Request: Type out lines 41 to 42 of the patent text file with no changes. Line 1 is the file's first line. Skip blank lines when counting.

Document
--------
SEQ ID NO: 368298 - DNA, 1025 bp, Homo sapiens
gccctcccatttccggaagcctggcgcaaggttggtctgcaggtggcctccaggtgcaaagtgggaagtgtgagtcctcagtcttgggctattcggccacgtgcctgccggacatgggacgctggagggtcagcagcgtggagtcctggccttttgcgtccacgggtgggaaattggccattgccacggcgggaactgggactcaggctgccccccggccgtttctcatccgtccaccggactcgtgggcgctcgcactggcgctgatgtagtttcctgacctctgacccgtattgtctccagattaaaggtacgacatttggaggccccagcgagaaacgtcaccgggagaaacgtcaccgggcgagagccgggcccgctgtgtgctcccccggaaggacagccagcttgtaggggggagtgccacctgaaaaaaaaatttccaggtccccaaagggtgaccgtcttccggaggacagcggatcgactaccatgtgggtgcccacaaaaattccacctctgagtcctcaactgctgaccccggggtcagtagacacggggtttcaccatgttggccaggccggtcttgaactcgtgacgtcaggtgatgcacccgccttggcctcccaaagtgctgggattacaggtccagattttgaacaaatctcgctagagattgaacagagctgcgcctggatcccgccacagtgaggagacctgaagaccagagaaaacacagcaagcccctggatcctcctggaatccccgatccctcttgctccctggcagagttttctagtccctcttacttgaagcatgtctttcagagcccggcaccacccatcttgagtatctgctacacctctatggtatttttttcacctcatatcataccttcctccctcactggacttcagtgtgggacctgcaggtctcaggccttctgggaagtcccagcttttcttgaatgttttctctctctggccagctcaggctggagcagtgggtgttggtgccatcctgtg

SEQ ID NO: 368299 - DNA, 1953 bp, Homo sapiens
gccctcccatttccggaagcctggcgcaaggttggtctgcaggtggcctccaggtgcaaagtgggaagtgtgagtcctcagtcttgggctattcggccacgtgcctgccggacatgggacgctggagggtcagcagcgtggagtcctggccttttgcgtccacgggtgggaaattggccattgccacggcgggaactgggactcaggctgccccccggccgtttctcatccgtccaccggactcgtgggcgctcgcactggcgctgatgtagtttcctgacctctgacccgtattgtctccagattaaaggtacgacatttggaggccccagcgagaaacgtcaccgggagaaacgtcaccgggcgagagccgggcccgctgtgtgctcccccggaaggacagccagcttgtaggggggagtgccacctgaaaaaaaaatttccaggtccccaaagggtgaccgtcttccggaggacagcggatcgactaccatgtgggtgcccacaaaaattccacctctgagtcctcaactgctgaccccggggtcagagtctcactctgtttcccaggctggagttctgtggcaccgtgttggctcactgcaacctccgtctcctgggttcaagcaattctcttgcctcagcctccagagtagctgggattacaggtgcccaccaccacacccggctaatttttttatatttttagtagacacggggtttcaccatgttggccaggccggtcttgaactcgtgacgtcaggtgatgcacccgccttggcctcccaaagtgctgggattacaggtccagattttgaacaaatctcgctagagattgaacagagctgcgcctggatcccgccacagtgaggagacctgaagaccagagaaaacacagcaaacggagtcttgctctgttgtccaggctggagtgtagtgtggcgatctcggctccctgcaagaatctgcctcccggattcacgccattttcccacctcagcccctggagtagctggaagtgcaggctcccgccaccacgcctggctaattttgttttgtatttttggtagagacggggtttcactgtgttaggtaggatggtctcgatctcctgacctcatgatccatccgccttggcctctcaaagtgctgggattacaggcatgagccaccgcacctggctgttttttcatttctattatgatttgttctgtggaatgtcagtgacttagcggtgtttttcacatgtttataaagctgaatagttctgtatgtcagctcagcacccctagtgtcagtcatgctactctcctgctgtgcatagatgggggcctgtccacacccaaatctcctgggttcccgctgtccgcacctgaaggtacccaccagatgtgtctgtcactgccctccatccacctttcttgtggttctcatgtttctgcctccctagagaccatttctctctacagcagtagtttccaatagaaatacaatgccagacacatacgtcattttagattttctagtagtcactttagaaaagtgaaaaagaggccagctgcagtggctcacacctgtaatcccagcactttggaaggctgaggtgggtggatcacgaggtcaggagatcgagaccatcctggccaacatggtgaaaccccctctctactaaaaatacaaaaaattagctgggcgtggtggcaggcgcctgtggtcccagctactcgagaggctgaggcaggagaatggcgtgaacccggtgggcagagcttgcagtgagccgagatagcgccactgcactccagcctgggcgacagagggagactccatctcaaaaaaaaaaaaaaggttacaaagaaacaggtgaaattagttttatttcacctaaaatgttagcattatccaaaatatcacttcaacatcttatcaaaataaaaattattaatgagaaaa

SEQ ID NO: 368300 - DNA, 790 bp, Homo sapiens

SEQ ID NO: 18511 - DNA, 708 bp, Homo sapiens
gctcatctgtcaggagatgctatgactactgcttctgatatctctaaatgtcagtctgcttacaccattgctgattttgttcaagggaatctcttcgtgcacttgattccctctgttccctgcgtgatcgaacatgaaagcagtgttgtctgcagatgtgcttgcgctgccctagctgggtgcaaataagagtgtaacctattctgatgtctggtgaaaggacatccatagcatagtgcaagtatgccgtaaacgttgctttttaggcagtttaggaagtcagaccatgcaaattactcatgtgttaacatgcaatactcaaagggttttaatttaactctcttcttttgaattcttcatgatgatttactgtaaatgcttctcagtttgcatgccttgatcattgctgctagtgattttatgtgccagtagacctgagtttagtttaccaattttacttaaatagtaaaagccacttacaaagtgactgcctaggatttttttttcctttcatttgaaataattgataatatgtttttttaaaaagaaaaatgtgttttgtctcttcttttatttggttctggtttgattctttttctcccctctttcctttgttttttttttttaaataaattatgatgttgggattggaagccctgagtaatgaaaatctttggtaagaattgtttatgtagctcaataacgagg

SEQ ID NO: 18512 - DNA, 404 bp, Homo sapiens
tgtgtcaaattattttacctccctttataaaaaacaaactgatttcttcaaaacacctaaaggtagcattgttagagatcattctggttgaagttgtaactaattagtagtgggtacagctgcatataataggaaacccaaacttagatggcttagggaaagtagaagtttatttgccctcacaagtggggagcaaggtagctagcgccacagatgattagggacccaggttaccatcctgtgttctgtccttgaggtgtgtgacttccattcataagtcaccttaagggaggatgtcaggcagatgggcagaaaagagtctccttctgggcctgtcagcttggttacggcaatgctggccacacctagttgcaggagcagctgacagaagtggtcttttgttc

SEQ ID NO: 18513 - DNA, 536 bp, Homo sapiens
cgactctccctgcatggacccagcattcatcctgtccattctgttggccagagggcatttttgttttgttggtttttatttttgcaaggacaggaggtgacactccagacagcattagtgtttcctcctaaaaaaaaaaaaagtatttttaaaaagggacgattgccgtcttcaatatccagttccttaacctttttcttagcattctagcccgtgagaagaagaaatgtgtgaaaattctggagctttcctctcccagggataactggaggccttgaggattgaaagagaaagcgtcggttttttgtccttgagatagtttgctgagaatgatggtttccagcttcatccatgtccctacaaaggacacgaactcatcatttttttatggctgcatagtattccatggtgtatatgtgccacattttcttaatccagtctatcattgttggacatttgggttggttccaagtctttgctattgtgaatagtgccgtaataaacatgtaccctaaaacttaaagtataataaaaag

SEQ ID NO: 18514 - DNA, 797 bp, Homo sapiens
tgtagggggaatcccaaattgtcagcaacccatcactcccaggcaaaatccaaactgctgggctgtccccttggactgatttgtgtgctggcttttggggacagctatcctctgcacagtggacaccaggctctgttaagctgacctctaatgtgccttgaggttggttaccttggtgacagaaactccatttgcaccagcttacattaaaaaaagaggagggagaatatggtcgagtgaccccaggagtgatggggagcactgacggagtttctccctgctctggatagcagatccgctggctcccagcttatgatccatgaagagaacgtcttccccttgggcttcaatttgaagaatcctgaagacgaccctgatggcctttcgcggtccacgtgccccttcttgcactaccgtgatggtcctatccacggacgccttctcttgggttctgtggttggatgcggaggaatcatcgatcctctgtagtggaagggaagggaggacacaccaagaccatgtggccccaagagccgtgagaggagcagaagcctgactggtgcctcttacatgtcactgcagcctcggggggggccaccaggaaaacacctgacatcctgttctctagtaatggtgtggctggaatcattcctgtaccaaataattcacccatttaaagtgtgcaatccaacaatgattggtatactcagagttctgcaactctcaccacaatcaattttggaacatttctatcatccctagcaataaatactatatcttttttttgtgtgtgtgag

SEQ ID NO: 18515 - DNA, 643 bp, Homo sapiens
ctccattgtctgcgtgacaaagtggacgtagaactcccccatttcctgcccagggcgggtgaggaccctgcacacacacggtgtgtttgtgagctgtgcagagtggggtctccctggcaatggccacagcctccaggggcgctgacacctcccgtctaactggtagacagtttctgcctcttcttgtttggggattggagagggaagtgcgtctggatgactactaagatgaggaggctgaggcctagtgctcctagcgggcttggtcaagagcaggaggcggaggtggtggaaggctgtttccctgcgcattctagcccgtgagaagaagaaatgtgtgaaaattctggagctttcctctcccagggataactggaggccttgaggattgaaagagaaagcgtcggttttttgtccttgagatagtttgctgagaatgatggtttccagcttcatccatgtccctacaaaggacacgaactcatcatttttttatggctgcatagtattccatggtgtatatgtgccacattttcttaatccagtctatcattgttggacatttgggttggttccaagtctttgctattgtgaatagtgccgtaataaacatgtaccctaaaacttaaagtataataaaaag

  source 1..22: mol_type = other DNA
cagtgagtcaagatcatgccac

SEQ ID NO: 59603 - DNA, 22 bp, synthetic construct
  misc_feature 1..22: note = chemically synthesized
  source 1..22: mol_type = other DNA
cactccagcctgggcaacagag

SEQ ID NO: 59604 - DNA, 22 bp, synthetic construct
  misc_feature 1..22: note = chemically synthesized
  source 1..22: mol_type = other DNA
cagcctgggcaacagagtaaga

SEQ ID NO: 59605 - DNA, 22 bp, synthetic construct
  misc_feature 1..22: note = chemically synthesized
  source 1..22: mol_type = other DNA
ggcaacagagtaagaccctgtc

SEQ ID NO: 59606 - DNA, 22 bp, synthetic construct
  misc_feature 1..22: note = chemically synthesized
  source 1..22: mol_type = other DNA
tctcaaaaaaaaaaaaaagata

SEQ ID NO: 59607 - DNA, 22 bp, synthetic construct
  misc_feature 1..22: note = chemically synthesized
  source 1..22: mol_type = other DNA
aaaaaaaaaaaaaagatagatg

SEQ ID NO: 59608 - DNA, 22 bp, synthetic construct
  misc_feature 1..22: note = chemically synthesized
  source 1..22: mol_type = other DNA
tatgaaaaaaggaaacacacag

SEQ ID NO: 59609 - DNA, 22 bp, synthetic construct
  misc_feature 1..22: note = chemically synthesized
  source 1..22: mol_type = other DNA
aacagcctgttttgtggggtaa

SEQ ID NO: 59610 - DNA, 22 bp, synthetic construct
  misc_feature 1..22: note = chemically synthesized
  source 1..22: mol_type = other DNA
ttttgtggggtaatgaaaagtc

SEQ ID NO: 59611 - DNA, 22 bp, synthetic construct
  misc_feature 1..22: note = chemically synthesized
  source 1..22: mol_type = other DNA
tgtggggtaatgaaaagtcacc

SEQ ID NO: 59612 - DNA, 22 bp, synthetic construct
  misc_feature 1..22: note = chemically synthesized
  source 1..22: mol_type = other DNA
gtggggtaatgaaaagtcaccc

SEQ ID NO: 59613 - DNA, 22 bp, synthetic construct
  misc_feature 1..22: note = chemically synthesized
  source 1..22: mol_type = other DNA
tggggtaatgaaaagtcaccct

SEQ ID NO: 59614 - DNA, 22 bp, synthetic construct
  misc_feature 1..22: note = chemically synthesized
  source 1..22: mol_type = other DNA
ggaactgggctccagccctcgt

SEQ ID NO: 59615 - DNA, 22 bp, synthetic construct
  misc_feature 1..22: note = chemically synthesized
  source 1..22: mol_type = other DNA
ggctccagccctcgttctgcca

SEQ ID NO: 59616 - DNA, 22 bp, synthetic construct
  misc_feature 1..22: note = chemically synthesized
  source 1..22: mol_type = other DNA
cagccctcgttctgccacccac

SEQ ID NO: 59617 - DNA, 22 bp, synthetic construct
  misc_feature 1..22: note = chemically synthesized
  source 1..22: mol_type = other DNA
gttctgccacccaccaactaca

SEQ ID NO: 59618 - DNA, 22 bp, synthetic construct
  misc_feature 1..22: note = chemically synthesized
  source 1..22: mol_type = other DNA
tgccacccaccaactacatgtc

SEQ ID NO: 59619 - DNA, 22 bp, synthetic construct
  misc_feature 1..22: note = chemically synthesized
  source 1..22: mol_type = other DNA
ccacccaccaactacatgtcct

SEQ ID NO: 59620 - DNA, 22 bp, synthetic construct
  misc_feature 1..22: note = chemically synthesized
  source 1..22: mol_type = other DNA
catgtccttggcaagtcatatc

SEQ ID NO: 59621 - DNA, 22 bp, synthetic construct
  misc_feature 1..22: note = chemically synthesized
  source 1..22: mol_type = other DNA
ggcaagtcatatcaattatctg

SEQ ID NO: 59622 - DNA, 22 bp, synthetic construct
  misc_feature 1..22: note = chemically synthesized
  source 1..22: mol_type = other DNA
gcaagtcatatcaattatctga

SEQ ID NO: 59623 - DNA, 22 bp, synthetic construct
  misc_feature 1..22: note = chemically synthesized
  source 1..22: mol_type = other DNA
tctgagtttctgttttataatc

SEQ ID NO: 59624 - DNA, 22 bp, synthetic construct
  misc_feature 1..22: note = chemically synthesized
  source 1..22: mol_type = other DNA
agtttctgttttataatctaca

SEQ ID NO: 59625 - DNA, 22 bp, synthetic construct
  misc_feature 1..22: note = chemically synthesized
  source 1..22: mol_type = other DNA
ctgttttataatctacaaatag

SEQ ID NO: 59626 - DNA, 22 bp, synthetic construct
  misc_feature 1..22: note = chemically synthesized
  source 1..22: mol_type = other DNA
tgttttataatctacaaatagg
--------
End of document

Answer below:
tatgaaaaaaggaaacacacag

SEQ ID NO: 59609 - DNA, 22 bp, synthetic construct